Practical Uses of Open APIs for Museums

Diane Drubay
Published in
4 min readAug 8, 2019


(back from the first edition of the API Culture Day on 28th June 2019 in Lyon, France)

Following up on my last article about the learnings from the first API Culture Day organized by biinlab in collaboration with We Are Museums at the Museum of Fine Arts of Lyon in France last June 28th, I give you today the learnings from Isabelle Reusa’ speech “API and Museums — A Story to Write”.

Isabelle Reusa worked for 4years at the exhibition department of the Réunion des musées nationaux — Grand Palais after taking the challenge to re-invent the diffusion model of the photo database of the RMN.

“When we work in digital, we create the world of tomorrow”.

Being able to work on the project “Images d’Art” for 5 years led her to learn about APIs but also about the technological infrastructure and transformation management. She now works as an API expert for different industries. She created the open-innovation meetups “API dot Culture” held in Paris a few times per year and participates in the international conference API Days.

©Anaïs Guyon

During the API Culture Day, Isabelle explained how cultural institutions can be part of people’s daily life via smart digital interfaces. Today, all the content available in a museum should be ready to be useful and used, and APIs are here for that.

“Working on your API is preparing the digital interactions that you will have with your audience.”

API means “Applications Programmation Interface”, and it is an interface used by developers to access digital content, nothing else. Isabelle took the example of the website of Fine Arts Museum of Lyon to show that the material currently online could be fed by a “Collection API” to give info about the permanent collections and the education programme. But this is not all! The website could be smartly updated thanks to a “Practical Info API” to feed the opening hours, the access map, a ”Agenda API” that will give info about the upcoming events in the museum or related to the programme, a “Ressource API” to provide access to images, videos, audio guides, educational content or even a specific road for kids, Chinese visitors or about one topic.

Thinking about a different kind of APIs like that is a way to anticipate all the future needs and being able to automatize the life of the website, apps or all the other digital interfaces from the museum. To open your API to developers means being able to feed Google Maps, Tripadvisor, Tourism offices, but also different cultural startups like Cloudguide, some chatbots, etc. It is a way to spread more info about your museum and still staying in control of it.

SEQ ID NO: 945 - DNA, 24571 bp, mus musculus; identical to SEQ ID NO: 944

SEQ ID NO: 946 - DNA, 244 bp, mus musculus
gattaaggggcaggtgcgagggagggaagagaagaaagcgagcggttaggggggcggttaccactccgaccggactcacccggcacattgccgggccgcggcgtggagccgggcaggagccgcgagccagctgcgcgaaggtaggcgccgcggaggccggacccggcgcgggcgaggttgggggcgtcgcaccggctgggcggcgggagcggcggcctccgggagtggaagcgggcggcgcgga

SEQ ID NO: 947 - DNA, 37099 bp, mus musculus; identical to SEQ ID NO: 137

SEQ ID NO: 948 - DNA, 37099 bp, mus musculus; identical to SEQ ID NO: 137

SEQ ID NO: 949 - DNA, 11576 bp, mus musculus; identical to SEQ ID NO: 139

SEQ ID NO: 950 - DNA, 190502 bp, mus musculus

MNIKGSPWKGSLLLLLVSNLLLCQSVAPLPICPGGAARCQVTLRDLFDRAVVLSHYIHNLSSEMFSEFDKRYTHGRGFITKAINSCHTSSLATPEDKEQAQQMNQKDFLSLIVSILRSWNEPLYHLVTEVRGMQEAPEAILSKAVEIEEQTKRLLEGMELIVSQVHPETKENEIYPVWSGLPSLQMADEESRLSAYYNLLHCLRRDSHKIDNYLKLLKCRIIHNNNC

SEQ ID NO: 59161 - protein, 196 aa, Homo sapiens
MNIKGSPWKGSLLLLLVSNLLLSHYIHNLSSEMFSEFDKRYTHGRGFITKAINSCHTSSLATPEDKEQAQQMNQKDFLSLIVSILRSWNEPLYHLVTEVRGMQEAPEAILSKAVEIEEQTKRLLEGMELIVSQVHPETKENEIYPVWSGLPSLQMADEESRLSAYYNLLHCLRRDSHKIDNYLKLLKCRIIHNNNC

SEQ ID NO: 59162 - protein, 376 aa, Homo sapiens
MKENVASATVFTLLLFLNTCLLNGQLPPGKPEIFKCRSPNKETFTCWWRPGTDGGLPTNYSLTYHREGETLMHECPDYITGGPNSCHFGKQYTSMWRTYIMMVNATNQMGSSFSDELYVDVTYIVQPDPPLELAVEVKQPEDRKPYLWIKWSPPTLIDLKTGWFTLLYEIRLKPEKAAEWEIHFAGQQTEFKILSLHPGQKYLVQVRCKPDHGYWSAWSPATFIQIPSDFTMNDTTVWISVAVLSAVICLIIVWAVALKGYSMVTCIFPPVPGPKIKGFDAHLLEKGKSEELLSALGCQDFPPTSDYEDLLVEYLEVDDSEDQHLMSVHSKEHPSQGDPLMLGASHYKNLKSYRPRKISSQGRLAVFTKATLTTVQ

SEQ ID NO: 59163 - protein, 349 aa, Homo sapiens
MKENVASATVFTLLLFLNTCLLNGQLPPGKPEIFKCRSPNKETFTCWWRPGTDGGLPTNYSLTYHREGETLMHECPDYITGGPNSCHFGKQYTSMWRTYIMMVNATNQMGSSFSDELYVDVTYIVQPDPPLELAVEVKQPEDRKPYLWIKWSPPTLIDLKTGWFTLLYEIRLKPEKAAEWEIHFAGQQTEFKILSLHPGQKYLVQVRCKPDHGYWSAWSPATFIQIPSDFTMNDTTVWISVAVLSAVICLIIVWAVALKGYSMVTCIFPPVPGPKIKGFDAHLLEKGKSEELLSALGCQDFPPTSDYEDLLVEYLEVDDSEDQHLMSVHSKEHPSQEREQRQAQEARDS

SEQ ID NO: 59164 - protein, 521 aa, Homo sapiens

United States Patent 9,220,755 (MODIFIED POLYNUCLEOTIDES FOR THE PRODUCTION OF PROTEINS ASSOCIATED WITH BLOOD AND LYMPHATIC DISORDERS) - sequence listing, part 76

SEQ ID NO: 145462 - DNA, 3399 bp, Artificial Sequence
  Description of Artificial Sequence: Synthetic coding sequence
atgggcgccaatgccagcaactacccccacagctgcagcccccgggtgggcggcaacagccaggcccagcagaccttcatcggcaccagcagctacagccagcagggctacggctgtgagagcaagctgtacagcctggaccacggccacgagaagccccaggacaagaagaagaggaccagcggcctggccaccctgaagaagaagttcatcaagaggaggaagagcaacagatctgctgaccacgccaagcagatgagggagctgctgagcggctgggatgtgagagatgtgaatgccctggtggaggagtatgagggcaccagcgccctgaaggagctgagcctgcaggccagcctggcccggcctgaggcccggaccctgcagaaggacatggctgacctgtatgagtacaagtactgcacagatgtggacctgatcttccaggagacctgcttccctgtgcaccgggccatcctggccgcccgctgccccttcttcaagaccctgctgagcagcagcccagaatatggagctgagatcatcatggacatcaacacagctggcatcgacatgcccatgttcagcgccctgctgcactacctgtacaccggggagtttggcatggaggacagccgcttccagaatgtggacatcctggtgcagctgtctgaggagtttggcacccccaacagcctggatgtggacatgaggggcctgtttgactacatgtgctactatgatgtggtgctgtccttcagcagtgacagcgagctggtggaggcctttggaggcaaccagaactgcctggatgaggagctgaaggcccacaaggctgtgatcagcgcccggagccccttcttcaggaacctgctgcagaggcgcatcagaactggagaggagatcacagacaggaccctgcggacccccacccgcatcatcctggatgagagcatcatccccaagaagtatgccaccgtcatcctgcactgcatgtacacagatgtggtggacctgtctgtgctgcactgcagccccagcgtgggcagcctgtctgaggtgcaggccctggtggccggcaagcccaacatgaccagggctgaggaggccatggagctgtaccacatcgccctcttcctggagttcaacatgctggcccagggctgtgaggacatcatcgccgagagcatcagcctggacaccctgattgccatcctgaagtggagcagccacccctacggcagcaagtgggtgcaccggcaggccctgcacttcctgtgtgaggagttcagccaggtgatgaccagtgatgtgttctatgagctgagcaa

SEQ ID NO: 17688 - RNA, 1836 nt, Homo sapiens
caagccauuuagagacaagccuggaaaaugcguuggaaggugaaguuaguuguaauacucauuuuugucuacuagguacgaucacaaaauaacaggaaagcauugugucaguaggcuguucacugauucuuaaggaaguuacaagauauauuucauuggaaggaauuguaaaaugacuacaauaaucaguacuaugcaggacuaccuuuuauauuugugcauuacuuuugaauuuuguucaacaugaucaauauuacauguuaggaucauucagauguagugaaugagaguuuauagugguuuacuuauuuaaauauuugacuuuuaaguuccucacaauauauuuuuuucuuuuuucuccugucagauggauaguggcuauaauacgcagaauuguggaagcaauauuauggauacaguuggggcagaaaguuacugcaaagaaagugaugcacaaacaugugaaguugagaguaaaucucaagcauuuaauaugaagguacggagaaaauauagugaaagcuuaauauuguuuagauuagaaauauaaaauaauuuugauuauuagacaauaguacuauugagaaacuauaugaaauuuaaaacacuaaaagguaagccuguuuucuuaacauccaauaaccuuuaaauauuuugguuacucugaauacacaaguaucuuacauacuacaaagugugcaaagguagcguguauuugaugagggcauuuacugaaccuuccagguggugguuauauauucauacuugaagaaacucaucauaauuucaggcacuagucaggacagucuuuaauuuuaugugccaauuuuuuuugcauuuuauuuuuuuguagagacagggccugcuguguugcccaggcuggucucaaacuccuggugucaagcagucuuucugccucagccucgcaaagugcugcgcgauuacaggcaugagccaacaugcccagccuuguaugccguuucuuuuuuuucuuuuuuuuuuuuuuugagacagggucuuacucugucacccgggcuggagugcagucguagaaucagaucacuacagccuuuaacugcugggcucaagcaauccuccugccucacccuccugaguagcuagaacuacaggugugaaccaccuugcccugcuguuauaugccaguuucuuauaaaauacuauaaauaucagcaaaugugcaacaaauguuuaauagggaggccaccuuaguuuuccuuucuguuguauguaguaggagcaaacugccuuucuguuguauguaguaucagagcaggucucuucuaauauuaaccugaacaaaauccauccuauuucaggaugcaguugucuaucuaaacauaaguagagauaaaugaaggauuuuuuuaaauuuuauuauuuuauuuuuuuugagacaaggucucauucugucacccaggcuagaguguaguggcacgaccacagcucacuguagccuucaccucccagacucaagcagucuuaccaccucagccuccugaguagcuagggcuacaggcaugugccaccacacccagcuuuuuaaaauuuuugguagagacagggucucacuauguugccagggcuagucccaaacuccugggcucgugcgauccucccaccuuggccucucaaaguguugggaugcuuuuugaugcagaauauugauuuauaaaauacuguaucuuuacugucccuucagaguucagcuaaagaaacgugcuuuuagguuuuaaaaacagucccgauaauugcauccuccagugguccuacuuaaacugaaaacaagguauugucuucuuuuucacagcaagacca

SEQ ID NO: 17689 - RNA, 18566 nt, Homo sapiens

It also enables museums to connect their specialized content with more generalist data like geolocalisation, Wikipedia, video or a podcast or to other database or content. It also allows museums to use external content to feed digital interfaces with augmented-content (multilingual from Wikipedia, archive video from the INA, voice-version of material, etc.) and even to automatize multimedia content production line augmented-narratives, games, etc.

And to finish, Isabelle gave us precious guidances on the cultural transformations that we should start to embody to welcome the potential of APIs fully:

  • Let go on the control of the interfaces and give priority to the power of the content
  • Always use content multiple times and valorize it as it should
  • Understand that it is your role as a museum to share only verified content and become an authentification agent

Next article: ‘What are you ready to do to preserve the data quality?’ by Philippe Rivière, Head of Communication and Digital at Paris Musées



Diane Drubay

Founder of @wearemuseums. Co-founder of @alterhen. Arts & Culture for the Tezos ecosystem. Visual artist nudging for nature awareness.